Port Authority: No Transportation Funds Are Going to the World Trade Center

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Holland Tunnel (photo by mrZiad.123 via Flickr)

The Port Authority didn't mislead anyone last summer when it raised the specter of a large price tag for rebuilding the World Trade Center while arguing for steep toll hikes for its Hudson River crossings.

That's according to Chairman David Samson, who says the authority's been clear:  it needs the money for its transportation network.

"Do I think there was consistency? Yes," said Samson after a Port Authority Board meeting Thursday. "Do I regret that somebody may have misunderstood  that, in some of the public statements? If there was misunderstanding, on the point of view of the listener, sure I regret that."

Samson's remarks came just hours after the AAA said in court on Thursday that the Port Authority's Interstate Transportation Network -- its revenue-producing bridges and tunnels -- is a cash cow. The motorist association says the Port Authority is using that money to pay for the financially draining World Trade Center rebuilding.

The Port Authority says the ITN is drag on its system and has operated at a deficit for half a century -  since the agency acquired the PATH train system in 1962.

That's the issue at the heart of a lawsuit wending its way through federal court. AAA is suing the Port Authority over toll and fare hikes which took effect in September. The judge heard arguments today and said he'd issue a written decision, but gave no timetable.

The Port Authority's ITN consists of  several bridges and tunnels, as well as the Port Authority bus terminals, the PATH train system, and trans-Hudson ferry service.

When the agency made the case for the toll hikes in August, it repeatedly talked about its 10-year, $25 billion capital plan. Forty-three percent of that amount -- or $10.7 billion -- is slated to go towards projects for the ITN, including hoisting the Bayonne Bridge, replacing the Lincoln Tunnel helix, and modernizing the PATH system.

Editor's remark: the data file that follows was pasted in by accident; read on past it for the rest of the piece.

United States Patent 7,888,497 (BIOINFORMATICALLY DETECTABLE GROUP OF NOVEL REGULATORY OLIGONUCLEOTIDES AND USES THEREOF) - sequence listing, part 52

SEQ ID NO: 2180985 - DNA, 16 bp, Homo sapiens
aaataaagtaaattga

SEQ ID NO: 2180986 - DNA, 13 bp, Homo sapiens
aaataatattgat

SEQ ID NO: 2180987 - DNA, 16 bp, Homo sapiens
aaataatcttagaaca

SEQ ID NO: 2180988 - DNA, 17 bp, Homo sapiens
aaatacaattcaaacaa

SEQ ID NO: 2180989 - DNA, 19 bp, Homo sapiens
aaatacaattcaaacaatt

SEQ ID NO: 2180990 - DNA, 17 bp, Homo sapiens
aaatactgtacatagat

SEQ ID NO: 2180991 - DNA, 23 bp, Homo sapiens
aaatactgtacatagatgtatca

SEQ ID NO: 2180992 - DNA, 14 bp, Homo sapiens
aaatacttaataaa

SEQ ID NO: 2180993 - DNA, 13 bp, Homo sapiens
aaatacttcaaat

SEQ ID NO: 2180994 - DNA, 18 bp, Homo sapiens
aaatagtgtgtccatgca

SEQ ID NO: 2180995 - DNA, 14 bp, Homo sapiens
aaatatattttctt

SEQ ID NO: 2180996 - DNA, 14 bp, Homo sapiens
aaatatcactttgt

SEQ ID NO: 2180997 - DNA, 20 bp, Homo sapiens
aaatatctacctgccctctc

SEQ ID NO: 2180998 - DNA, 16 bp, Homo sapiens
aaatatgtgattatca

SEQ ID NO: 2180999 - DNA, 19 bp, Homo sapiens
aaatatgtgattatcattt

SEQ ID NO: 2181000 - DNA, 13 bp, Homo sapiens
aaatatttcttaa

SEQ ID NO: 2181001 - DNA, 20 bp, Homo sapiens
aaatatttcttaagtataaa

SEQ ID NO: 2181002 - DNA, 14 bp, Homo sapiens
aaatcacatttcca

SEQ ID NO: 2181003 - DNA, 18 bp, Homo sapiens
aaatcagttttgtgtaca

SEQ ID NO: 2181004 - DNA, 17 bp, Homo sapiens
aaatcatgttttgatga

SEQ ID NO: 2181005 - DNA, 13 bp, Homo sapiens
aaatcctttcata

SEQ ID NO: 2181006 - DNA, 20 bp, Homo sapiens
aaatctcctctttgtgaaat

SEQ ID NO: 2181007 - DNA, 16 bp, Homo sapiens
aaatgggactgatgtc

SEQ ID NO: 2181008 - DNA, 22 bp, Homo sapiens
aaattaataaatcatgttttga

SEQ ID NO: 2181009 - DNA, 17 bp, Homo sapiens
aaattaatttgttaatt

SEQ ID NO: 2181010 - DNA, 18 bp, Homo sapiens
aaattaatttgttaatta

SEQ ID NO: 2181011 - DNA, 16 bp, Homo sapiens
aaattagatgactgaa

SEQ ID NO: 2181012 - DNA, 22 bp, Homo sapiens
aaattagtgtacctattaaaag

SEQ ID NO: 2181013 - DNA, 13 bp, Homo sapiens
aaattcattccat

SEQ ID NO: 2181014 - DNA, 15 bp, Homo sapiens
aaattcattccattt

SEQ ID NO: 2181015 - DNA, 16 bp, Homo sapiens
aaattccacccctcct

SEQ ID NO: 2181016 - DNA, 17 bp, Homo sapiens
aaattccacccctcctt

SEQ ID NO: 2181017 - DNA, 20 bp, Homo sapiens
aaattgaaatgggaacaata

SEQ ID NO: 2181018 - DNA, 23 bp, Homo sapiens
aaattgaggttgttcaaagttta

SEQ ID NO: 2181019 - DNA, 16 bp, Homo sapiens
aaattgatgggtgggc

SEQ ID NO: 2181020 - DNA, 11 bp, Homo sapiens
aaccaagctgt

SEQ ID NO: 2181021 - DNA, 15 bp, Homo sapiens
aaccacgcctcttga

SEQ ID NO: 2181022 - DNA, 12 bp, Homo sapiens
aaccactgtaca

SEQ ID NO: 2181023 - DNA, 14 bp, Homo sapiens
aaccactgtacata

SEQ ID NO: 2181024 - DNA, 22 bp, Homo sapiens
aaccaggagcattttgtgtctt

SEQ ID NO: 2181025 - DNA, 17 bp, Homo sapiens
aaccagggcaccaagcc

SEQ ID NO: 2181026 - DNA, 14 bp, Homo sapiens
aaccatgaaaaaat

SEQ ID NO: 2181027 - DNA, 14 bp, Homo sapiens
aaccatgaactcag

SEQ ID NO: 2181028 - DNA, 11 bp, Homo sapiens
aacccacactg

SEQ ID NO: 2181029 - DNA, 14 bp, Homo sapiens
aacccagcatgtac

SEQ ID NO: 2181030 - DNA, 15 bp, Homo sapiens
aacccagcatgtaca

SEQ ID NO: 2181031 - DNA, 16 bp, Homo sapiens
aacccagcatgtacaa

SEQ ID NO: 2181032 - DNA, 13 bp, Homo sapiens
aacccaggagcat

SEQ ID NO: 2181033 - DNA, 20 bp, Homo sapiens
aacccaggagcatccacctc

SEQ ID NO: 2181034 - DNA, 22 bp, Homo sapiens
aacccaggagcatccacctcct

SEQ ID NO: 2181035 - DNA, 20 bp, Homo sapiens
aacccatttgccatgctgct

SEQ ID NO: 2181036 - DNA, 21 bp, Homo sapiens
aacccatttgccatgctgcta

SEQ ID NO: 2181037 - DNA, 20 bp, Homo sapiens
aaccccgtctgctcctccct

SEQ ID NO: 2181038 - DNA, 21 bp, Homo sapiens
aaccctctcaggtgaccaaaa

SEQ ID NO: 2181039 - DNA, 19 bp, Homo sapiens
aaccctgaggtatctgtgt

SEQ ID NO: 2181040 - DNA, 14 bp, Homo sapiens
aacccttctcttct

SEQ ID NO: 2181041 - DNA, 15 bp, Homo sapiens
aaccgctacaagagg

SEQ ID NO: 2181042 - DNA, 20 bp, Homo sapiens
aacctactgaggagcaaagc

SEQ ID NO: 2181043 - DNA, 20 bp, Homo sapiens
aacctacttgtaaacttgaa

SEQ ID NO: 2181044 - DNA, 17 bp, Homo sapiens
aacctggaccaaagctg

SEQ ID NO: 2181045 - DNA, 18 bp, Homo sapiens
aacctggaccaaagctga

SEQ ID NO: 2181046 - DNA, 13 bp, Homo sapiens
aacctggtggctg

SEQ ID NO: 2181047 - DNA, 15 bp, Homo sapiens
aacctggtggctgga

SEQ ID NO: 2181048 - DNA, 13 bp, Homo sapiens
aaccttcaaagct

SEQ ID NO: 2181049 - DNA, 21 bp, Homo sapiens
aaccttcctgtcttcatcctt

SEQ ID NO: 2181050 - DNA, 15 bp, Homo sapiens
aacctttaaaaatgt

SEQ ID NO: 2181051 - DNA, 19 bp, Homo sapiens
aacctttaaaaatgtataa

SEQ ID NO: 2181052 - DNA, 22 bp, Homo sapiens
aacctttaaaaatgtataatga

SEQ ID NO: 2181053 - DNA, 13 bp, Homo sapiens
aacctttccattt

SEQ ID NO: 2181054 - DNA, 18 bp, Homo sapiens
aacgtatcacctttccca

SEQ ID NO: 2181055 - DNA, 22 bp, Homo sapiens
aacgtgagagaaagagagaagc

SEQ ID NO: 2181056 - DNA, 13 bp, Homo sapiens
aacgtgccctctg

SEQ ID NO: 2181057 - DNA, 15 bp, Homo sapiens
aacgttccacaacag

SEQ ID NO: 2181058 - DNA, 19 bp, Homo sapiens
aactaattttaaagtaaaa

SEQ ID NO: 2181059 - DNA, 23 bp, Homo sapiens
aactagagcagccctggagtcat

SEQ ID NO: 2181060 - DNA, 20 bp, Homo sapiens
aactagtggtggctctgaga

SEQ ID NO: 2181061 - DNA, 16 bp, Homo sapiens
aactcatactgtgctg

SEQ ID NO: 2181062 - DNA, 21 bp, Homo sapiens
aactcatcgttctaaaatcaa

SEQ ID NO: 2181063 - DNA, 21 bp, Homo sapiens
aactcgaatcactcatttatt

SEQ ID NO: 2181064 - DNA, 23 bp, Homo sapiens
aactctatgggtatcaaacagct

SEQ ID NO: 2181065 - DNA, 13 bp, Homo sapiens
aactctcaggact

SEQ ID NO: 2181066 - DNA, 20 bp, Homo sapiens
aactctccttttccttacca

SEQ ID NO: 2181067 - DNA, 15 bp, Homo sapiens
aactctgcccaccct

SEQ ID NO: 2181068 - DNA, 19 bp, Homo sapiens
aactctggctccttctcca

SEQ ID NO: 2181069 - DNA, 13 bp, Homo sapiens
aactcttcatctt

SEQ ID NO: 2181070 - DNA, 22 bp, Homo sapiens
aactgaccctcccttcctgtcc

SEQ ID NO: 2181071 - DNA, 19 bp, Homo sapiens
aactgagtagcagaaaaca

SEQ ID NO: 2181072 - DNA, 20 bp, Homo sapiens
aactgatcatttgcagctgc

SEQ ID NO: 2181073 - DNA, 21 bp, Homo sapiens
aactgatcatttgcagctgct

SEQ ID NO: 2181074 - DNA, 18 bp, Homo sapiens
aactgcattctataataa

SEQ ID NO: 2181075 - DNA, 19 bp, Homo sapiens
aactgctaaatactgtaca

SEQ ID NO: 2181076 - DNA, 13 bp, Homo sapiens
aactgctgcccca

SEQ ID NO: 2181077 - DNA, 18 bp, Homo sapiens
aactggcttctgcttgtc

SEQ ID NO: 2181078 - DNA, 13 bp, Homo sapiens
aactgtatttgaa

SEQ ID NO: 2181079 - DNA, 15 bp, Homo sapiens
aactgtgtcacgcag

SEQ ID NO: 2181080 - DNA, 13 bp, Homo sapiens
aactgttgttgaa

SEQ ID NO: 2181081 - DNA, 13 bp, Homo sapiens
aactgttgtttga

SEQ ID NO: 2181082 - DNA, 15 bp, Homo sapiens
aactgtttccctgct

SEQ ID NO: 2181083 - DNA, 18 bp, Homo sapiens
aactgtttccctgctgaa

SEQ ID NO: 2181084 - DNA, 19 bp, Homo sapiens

The next big ticket item, coming in at $6.9 billion, is the cost of rebuilding the World Trade Center. The Port Authority insists it's funding the WTC rebuilding through borrowing, federal grants, and insurance -- not toll revenues.

Samson wouldn't comment on any of the specific details of the pending litigation, but he disagreed with the AAA's assertion that the agency had misled the public into believing toll revenues would support the WTC.

"I think we were pretty clear about what we were talking about at the time," he said. "There's no doubt that in discussing the proposed toll and fare increase, we attempted to describe the overall financial condition of the agency. Inevitably, if you're going to be talking about the overall financial condition of the agency, you're going to talk about security that was added post-9/11 and the World Trade Center redevelopment site. There was to my knowledge, no reference, no specific statement, that said the proposed toll and fare increases were going to some other use, or some other place, other than what the executive director said was the integrated transportation network."

Pat Foye, the Port Authority's executive director, wasn't heading the agency in August. But he said the Port Authority's message has always been consistent. And the bottom line, he said,  was if the agency hadn't raised tolls this summer, "there would have been a drag in the amount of $3 billion dollars on the rest of the organization, the non-interstate transportation part of the organization. And the fare and toll increase reduced the drag, reduced the burden, on the rest of the organization."